As we said before, the notion of a “submanifold” gets a little more complicated than a naïve, purely categorical approach might suggest. Instead, we work from the concepts of immersions and embeddings.
A map of manifolds is called an “immersion” if the derivative is injective at every point . Immediately we can tell that this can only happen if .
Notice now that this does not guarantee that itself is injective. For instance, if and , then we can form the mapping . Using the coordinates on and on , we can calculate the derivative in coordinates:
The second component of this vector is only zero if itself is, but in this case the first component is , thus is never the zero map between the tangent spaces. But , so is not injective in terms of the underlying point sets of and .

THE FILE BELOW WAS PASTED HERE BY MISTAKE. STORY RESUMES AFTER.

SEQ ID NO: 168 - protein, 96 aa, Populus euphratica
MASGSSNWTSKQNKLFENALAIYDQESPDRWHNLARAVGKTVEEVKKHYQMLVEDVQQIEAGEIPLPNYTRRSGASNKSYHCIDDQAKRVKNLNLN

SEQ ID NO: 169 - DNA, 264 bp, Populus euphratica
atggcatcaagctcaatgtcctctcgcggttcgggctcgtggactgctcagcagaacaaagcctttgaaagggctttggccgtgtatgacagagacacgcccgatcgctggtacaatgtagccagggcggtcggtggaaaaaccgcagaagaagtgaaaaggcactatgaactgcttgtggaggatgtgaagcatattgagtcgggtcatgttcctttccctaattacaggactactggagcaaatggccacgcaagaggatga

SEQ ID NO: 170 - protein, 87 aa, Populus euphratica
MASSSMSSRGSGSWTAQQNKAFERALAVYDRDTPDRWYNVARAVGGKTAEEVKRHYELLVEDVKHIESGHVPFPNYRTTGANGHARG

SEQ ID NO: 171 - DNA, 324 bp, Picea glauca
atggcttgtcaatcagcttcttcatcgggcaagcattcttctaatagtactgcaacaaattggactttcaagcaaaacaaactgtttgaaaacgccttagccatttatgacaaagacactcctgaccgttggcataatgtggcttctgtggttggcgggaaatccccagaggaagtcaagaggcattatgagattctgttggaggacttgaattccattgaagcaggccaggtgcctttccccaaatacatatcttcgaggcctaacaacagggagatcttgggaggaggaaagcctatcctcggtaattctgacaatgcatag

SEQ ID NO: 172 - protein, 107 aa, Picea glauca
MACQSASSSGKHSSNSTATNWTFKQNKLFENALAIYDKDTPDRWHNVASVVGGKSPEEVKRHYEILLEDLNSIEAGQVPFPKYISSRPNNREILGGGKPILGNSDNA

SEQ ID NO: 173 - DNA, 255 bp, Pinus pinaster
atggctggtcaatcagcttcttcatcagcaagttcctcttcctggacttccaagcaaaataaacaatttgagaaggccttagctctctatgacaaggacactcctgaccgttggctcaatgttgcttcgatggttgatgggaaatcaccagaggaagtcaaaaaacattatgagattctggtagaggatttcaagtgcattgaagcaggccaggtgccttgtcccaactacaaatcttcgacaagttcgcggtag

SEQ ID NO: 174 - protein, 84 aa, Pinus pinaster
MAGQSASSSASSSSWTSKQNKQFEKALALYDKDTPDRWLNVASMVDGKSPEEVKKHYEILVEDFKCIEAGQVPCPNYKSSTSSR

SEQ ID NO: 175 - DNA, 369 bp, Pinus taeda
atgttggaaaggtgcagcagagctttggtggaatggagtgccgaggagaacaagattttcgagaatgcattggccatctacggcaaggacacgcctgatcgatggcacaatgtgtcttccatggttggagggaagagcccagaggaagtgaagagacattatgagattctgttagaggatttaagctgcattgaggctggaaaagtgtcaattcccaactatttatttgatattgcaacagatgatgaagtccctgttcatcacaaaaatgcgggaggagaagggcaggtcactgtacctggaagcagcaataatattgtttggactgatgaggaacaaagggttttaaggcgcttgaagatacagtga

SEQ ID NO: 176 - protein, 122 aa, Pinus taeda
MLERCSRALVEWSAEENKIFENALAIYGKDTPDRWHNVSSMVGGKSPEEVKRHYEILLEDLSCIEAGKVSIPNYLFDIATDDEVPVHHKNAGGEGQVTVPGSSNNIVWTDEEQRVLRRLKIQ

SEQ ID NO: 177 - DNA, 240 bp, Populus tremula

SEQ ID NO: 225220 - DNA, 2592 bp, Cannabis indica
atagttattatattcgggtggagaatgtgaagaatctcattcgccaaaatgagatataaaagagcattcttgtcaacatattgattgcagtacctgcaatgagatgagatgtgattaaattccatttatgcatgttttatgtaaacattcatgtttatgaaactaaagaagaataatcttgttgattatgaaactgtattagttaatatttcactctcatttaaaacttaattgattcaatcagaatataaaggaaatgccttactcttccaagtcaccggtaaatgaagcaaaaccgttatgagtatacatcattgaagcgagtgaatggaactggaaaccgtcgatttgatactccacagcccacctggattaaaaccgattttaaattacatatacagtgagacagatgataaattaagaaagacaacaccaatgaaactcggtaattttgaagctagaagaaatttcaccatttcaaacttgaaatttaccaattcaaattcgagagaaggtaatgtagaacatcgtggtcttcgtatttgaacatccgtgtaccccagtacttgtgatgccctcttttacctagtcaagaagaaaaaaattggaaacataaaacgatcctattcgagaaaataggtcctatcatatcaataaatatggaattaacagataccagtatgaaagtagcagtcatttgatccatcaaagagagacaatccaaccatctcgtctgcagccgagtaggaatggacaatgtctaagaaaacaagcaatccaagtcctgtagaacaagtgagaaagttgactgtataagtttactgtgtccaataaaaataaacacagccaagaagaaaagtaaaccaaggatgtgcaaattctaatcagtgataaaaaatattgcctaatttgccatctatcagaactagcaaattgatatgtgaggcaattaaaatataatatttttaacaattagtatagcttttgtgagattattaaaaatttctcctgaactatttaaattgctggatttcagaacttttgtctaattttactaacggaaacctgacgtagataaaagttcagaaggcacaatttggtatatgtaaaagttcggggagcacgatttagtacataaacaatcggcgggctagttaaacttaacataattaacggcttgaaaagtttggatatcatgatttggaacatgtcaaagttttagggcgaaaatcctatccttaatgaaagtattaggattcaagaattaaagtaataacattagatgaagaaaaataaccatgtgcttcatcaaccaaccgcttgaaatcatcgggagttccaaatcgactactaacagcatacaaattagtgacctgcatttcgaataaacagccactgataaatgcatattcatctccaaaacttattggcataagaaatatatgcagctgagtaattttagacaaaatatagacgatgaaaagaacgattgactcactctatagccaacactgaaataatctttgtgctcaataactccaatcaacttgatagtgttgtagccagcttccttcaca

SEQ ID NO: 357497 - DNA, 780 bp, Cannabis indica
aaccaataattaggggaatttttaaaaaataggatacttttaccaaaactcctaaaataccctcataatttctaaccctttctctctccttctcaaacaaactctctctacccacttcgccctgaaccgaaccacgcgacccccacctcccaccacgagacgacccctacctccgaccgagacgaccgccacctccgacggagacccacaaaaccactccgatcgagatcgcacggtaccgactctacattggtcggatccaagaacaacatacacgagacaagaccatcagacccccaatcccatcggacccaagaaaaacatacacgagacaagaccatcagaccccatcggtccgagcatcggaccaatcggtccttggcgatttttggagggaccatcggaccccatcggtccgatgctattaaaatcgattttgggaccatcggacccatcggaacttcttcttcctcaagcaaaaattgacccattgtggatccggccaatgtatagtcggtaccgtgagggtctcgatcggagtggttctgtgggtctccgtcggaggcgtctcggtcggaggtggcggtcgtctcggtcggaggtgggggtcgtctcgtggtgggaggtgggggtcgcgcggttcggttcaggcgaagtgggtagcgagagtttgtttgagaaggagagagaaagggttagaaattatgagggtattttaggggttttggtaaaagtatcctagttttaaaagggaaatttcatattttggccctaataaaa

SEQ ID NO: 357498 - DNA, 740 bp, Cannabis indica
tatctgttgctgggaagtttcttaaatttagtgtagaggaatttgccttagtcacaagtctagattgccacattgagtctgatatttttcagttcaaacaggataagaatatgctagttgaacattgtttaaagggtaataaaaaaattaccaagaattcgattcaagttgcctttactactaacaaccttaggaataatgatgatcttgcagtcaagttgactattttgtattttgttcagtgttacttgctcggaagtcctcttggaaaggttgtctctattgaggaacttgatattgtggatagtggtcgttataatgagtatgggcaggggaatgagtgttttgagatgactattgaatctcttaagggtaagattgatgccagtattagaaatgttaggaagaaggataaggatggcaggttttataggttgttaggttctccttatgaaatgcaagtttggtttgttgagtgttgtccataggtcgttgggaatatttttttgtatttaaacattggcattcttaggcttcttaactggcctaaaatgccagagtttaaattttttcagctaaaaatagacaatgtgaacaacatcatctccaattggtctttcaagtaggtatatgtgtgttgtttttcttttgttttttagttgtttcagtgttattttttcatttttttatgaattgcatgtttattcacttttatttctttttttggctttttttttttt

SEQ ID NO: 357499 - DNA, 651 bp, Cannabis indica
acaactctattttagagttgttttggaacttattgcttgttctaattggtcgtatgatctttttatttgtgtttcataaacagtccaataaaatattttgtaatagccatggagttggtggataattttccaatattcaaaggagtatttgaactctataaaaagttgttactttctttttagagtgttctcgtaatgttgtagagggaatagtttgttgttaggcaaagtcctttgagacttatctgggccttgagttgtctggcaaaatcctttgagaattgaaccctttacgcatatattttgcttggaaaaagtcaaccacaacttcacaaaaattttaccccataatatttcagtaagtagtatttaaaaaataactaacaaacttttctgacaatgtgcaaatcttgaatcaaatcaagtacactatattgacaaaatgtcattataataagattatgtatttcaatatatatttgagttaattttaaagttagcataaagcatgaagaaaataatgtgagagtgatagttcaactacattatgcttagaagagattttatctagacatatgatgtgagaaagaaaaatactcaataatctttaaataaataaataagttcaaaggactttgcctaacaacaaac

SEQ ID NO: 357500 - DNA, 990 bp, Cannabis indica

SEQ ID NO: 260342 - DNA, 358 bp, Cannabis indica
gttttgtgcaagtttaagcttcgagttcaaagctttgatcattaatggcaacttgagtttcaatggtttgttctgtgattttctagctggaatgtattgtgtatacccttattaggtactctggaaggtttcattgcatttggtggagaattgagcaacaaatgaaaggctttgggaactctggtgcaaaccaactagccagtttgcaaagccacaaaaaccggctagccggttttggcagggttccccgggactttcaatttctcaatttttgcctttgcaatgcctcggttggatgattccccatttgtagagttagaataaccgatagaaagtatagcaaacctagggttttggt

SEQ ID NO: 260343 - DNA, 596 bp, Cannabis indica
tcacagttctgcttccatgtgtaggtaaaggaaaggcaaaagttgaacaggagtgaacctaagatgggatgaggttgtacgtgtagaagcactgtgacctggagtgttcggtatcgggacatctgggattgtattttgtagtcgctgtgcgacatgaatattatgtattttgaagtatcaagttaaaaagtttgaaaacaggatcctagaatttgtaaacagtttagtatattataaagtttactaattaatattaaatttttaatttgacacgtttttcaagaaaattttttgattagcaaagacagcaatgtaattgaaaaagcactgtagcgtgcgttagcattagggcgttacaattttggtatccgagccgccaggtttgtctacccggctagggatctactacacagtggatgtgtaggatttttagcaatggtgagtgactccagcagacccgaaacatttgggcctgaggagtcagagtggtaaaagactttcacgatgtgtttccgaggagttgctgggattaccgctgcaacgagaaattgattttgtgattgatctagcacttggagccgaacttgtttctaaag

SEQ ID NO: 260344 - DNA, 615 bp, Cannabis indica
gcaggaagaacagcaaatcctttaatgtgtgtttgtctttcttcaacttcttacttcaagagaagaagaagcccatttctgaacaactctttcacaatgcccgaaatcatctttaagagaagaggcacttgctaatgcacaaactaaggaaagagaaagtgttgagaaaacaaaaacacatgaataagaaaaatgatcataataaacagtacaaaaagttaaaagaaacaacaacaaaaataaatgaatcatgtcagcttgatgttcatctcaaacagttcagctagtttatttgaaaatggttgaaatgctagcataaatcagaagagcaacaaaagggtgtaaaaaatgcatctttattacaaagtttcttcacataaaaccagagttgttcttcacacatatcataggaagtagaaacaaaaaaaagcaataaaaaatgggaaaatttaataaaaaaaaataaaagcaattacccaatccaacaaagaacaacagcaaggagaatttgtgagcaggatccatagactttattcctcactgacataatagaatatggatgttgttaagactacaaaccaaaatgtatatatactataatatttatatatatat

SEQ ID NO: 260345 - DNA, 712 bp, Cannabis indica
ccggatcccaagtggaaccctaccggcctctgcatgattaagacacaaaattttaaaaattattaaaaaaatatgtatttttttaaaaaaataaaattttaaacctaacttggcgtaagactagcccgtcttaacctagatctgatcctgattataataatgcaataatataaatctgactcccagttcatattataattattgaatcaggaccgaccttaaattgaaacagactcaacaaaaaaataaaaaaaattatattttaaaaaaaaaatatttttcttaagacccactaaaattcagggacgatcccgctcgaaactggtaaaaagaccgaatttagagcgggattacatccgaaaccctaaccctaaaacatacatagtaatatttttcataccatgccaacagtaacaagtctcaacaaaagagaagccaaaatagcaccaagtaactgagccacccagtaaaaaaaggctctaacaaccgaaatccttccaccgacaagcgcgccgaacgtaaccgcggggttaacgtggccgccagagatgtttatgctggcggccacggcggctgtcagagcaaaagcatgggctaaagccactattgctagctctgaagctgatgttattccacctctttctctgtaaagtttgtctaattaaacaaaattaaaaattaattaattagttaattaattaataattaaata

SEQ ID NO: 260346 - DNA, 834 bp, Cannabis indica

Courtesy of Wolfram Alpha, we can plot this map to see what’s going on:
The image of the curve crosses itself at the origin, but if we restrict ourselves to, say, the intervals and , there is no self-intersection in each interval.
There is another, more subtle pathology to be careful about. Let be the open interval , and left . We plot this curve, stopping just slightly shy of each endpoint:
We see that there’s never quite a self-intersection like before, but the ends of the curve come right up to almost touch the curve in the middle. Going all the way to the limit, the image of is a figure eight, which includes the crossing point in the middle and is thus not a manifold, even though the parameter space is.
To keep away from these pathologies, we define an “embedding” to be an immersion where the image — endowed with the subspace topology — is homeomorphic to itself by . This is closer to the geometrically intuitive notion of a submanifold, but we will still find the notion of an immersion to be useful.
As a particular example, notice (and check!) that the inclusion map of an open submanifold, as defined earlier, is an embedding.